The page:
In India, Tegan and Sara play India for the first time, joined by their tour manager and fellow musicians, as well as their mother and an old school pal, who tells an amazing story: Bored one afternoon, the way only high-school students can be bored, Sara sang the entire Smashing Pumpkins Siamese Dream album to her, while lying on the plywood floor of their under-construction house. The short film is directed by another close friend, Elinor Svoboda.

By the time you get to For the Most Part (by directing collective Salazar), where Tegan and Sara gather for a live acoustic concert for friends and family at Vancouver’s storied Warehouse Studios (and a second concert for that other family of theirs – their fans), you find yourself searching the audience for the people you’ve met or heard about in the documentaries. There’s mom, there’s dad (who tells his kids about their early days singing: “You could basically belch into a mike; we would have been proud”).

The film also captures one of those sisterly disagreements.

“There was a fight that happened at the three-day rehearsal for [the Warehouse concerts]and it lasted about five minutes and they put the entire thing in the movie,” Tegan says. “And I was like no, we’re not Kings of Leon. It would be funny and interesting if we were drunk and beating the [heck]out of each other, but we’re not. We’re just standing there, like passive-aggressively talking to each other and it just looks ridiculous.”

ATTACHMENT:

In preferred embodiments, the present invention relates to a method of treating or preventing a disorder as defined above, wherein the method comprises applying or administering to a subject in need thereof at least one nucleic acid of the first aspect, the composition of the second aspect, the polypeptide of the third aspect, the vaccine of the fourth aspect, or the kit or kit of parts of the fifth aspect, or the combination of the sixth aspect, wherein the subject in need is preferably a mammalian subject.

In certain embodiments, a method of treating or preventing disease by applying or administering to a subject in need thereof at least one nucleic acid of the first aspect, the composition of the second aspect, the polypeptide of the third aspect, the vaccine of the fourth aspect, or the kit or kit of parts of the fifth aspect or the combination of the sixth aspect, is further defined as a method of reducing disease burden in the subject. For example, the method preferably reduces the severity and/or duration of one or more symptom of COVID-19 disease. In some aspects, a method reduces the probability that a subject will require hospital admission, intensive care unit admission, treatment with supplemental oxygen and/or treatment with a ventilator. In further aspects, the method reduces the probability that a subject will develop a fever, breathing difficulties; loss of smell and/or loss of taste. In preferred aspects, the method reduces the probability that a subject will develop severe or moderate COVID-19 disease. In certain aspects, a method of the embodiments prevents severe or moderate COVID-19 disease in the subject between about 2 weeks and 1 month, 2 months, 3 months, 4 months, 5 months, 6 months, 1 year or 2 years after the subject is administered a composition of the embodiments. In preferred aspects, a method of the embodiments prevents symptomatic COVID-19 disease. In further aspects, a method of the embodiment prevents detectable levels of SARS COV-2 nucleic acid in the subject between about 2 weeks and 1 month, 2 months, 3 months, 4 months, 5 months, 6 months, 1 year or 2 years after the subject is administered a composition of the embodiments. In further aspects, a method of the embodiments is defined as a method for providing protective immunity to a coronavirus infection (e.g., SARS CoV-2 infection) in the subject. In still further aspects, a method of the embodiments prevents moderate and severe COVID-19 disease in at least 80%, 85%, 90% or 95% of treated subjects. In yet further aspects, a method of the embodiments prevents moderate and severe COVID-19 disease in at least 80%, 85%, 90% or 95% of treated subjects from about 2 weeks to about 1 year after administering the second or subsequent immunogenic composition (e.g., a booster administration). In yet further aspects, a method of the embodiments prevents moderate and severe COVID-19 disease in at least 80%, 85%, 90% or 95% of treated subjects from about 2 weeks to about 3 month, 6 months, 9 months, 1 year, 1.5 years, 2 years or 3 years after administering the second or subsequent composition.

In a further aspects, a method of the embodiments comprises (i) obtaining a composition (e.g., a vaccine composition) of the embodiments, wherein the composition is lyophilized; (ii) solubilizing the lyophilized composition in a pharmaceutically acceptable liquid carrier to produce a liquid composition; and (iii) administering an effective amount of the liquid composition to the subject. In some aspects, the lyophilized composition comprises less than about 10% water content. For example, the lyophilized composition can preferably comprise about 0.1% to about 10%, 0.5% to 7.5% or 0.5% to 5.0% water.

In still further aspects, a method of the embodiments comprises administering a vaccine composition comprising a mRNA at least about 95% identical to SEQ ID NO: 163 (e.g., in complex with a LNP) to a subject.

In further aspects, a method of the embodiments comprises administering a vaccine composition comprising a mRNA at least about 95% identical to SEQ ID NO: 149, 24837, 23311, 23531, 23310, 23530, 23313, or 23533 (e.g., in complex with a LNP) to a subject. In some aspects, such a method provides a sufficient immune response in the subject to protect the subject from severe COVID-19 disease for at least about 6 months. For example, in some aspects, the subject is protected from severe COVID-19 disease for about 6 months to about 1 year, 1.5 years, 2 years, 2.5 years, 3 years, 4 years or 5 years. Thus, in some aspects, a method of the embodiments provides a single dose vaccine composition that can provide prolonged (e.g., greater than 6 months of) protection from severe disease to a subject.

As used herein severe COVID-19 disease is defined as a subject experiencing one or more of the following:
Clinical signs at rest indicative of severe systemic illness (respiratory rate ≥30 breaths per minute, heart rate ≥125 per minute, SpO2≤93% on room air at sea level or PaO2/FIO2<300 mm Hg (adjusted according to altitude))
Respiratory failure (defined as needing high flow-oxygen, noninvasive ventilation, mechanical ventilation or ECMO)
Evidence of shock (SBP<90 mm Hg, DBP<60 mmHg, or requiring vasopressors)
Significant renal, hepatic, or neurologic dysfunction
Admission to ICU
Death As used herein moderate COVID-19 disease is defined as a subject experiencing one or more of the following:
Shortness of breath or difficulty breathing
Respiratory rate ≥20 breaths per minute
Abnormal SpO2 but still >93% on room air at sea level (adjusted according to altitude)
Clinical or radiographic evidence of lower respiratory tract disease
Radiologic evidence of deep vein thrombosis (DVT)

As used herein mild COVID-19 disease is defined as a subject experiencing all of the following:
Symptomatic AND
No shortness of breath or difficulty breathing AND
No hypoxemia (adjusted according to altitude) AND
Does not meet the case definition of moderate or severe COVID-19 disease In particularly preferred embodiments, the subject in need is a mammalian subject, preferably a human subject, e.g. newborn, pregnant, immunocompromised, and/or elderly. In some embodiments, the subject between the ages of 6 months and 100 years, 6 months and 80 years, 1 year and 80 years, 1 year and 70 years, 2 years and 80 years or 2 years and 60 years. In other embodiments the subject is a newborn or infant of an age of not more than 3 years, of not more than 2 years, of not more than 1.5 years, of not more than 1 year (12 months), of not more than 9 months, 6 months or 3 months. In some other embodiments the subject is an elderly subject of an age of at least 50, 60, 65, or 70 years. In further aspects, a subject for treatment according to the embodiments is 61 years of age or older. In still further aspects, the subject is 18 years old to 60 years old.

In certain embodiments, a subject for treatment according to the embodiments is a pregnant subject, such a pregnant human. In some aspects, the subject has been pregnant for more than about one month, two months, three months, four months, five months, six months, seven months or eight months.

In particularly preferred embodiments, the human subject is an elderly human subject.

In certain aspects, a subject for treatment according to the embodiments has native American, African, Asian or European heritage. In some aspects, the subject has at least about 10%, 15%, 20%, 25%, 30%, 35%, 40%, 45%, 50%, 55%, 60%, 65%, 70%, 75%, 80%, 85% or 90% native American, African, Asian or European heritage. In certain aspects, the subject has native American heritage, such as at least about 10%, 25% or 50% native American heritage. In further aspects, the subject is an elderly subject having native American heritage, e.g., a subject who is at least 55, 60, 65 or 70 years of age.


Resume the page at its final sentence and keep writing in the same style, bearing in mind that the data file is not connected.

Ultimately, only about 40 seconds of the “fight” made the final cut.

There’s also an on-stage story about another fight. Tegan and Sara were nearing the end of high school and at each other’s throats, so their mother sent them to a therapist. During an early session, they had a blow-out profanity-laden you-can-hear-it-from-the reception-area fight. The experience led to the song Divided, the first track from their first release.

The story is beautifully told – a reminder of how good Tegan and Sara are at the on-stage banter, even if Tegan doesn’t always think so.

“I don’t understand why people find our stories that interesting. In person, I get that. But listening to them, I just feel like all I hear is ‘like’ and ‘uh’ and ‘goes’ and ‘likes’ and I’m like ‘shut up you illiterate freak.’ ”

For the Most Part favours the music over the chatter (for the most part), but that too was a fight.

“It was really tough actually,” says Tegan, who says early cuts of the film included a lot more banter but felt a little disjointed. “Also to be honest, we love to talk and banter but mostly it’s nervousness. So when you’re watching it, it just feels like narcissism. I’m like, ‘Ugh, I don’t want to hear that story again; I’ve heard it too many times.’ [But]our managers and directors ... were like: ‘No, they want to hear that; they want to hear the stories.’ And I’m like, ‘But I don’t want to hear it.’ And they’re like, ‘But you don’t have to watch it.’ We’d go back and forth. But in the end the music won out.”

Get Along will be released on Tuesday, Nov. 15.